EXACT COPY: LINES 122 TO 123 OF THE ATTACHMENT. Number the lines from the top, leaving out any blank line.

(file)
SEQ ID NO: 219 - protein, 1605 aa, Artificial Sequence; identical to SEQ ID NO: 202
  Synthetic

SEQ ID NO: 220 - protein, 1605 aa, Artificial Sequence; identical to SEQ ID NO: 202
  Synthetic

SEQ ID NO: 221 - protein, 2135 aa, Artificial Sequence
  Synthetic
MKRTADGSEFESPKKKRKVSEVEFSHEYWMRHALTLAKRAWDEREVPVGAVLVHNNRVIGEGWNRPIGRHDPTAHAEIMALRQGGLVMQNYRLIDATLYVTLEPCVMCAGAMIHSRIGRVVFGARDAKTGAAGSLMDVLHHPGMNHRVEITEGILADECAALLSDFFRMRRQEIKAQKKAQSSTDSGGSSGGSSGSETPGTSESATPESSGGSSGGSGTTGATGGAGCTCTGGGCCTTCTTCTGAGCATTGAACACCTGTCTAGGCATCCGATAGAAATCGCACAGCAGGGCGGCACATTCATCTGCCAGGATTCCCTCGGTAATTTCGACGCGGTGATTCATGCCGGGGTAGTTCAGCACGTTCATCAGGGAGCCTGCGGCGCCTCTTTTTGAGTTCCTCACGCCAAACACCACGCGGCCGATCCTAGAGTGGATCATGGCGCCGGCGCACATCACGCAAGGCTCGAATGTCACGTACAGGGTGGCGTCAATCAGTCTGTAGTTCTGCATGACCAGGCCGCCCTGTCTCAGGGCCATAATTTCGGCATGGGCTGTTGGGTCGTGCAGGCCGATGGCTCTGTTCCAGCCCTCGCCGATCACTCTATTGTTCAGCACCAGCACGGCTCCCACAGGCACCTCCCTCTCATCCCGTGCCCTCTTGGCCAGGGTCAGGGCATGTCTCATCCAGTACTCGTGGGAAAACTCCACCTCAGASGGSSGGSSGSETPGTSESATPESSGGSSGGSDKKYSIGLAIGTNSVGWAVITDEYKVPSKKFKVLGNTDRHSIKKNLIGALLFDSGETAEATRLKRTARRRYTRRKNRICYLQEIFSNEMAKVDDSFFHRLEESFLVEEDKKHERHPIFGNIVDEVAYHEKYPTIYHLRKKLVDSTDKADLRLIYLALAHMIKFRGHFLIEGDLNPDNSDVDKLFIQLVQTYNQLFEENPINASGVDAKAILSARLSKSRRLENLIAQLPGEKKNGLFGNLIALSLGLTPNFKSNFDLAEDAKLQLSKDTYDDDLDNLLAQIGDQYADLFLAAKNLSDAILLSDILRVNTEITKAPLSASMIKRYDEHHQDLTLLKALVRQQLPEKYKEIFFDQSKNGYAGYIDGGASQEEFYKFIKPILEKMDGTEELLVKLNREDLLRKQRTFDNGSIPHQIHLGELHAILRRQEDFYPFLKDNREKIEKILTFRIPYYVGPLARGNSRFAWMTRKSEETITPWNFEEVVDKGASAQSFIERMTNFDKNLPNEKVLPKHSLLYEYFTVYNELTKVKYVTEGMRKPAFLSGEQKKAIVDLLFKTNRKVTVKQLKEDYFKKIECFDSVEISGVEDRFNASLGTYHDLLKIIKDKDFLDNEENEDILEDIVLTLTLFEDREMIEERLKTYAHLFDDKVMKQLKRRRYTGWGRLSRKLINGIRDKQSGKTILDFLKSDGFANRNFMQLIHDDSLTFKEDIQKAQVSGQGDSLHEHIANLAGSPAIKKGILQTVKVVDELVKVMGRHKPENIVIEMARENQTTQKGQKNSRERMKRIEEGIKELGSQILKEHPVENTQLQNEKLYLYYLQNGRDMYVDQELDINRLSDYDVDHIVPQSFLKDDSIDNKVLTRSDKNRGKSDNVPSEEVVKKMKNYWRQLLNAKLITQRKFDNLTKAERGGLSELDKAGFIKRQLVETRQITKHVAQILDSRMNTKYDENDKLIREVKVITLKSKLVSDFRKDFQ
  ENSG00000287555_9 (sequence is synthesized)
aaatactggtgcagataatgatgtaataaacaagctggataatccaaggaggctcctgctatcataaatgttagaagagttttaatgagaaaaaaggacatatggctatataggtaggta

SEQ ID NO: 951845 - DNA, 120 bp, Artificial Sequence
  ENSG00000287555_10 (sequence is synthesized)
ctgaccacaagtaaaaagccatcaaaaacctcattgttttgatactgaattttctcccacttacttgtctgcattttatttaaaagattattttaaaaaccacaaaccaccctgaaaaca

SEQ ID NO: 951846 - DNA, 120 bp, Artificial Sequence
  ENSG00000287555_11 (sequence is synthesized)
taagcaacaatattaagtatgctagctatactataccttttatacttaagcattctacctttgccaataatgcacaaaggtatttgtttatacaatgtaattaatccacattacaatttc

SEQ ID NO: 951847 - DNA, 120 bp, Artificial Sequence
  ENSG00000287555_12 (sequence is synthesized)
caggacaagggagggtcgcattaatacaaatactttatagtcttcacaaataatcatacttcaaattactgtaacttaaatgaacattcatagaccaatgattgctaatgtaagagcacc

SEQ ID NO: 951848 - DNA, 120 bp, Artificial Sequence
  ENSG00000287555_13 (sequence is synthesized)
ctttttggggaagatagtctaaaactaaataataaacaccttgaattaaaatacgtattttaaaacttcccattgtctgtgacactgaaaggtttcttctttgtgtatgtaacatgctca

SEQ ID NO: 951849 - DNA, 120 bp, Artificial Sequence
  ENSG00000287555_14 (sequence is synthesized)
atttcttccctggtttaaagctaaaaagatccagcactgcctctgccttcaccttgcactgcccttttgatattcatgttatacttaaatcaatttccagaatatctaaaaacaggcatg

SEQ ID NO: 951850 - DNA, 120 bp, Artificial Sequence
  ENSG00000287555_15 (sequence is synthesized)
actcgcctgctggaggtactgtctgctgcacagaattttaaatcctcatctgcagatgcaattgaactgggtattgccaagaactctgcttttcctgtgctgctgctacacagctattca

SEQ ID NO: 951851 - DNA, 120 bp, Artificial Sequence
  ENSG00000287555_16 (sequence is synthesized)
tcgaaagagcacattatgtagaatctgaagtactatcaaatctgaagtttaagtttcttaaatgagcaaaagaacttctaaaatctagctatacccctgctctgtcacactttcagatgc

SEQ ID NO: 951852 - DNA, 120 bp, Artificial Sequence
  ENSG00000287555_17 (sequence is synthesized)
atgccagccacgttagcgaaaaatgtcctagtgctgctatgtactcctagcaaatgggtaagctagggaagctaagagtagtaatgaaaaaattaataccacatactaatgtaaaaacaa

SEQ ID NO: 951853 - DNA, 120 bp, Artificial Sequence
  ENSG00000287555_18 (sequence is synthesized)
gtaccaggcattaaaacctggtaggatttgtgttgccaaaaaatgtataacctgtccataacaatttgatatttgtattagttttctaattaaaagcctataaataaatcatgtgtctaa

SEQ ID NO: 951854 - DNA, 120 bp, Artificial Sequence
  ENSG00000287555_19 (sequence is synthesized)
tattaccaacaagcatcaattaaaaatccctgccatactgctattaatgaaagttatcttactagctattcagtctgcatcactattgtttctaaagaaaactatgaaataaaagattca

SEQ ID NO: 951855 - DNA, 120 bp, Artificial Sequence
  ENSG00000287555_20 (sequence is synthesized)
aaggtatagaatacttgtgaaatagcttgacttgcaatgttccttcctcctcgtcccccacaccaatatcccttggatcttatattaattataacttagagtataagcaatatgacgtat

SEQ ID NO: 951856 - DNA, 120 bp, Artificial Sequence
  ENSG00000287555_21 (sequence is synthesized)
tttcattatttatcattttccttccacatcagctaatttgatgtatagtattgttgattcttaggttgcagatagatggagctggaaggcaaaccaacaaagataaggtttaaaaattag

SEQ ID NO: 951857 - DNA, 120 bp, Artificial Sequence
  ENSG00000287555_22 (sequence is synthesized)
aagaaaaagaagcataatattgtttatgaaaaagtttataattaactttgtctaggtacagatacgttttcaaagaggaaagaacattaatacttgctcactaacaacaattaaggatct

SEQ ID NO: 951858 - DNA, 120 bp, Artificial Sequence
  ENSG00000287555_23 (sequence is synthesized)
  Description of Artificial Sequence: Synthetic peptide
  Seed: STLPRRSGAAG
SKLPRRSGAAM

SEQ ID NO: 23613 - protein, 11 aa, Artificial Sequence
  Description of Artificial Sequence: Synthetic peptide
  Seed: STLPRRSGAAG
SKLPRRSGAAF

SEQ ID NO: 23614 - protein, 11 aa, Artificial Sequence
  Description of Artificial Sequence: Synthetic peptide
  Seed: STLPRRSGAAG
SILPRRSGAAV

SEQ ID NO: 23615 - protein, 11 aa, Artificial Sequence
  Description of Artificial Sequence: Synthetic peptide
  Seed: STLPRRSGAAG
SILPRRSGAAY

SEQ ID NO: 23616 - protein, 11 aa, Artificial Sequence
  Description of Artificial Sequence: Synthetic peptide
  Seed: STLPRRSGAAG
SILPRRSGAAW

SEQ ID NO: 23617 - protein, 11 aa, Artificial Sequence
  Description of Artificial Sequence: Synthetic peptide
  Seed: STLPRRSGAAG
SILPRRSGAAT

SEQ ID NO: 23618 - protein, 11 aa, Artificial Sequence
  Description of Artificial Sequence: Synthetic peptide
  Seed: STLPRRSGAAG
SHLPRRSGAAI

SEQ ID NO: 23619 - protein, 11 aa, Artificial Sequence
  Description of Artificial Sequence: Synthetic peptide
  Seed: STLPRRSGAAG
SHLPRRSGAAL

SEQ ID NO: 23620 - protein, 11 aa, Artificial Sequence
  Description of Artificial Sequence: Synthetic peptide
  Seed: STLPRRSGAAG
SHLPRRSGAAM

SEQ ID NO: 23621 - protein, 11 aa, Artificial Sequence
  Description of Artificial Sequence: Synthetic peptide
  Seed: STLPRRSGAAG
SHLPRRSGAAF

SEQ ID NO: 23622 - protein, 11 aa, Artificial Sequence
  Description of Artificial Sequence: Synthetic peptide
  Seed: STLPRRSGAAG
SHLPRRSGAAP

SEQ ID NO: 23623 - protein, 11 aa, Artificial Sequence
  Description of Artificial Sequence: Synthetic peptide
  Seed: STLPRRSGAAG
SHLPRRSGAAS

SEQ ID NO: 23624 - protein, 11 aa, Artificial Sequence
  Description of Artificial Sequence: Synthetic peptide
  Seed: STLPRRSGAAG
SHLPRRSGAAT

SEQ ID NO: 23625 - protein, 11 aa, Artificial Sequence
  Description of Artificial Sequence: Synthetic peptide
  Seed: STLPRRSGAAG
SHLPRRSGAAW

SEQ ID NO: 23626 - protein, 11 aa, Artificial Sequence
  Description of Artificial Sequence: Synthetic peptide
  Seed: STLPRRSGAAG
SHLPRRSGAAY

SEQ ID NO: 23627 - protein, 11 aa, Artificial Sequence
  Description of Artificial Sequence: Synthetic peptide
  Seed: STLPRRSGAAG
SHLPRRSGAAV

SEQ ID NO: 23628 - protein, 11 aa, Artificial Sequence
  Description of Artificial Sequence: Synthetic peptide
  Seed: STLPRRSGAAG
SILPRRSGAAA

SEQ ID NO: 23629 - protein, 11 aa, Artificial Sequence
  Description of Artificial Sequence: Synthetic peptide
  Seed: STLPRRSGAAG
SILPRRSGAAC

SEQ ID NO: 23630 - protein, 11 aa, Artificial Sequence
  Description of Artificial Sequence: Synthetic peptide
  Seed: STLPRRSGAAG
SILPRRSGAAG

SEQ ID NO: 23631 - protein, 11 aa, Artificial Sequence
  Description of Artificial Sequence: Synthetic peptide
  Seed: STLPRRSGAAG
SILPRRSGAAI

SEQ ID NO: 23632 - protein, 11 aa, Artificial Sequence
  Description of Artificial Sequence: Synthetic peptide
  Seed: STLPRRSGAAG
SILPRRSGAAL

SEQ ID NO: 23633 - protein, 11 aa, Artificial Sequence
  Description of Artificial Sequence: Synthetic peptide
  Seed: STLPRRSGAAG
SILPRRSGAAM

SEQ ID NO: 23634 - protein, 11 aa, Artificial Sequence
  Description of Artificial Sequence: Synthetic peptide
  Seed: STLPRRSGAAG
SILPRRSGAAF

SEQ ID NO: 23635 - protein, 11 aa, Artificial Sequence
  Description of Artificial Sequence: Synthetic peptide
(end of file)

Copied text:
SEQ ID NO: 23630 - protein, 11 aa, Artificial Sequence
  Description of Artificial Sequence: Synthetic peptide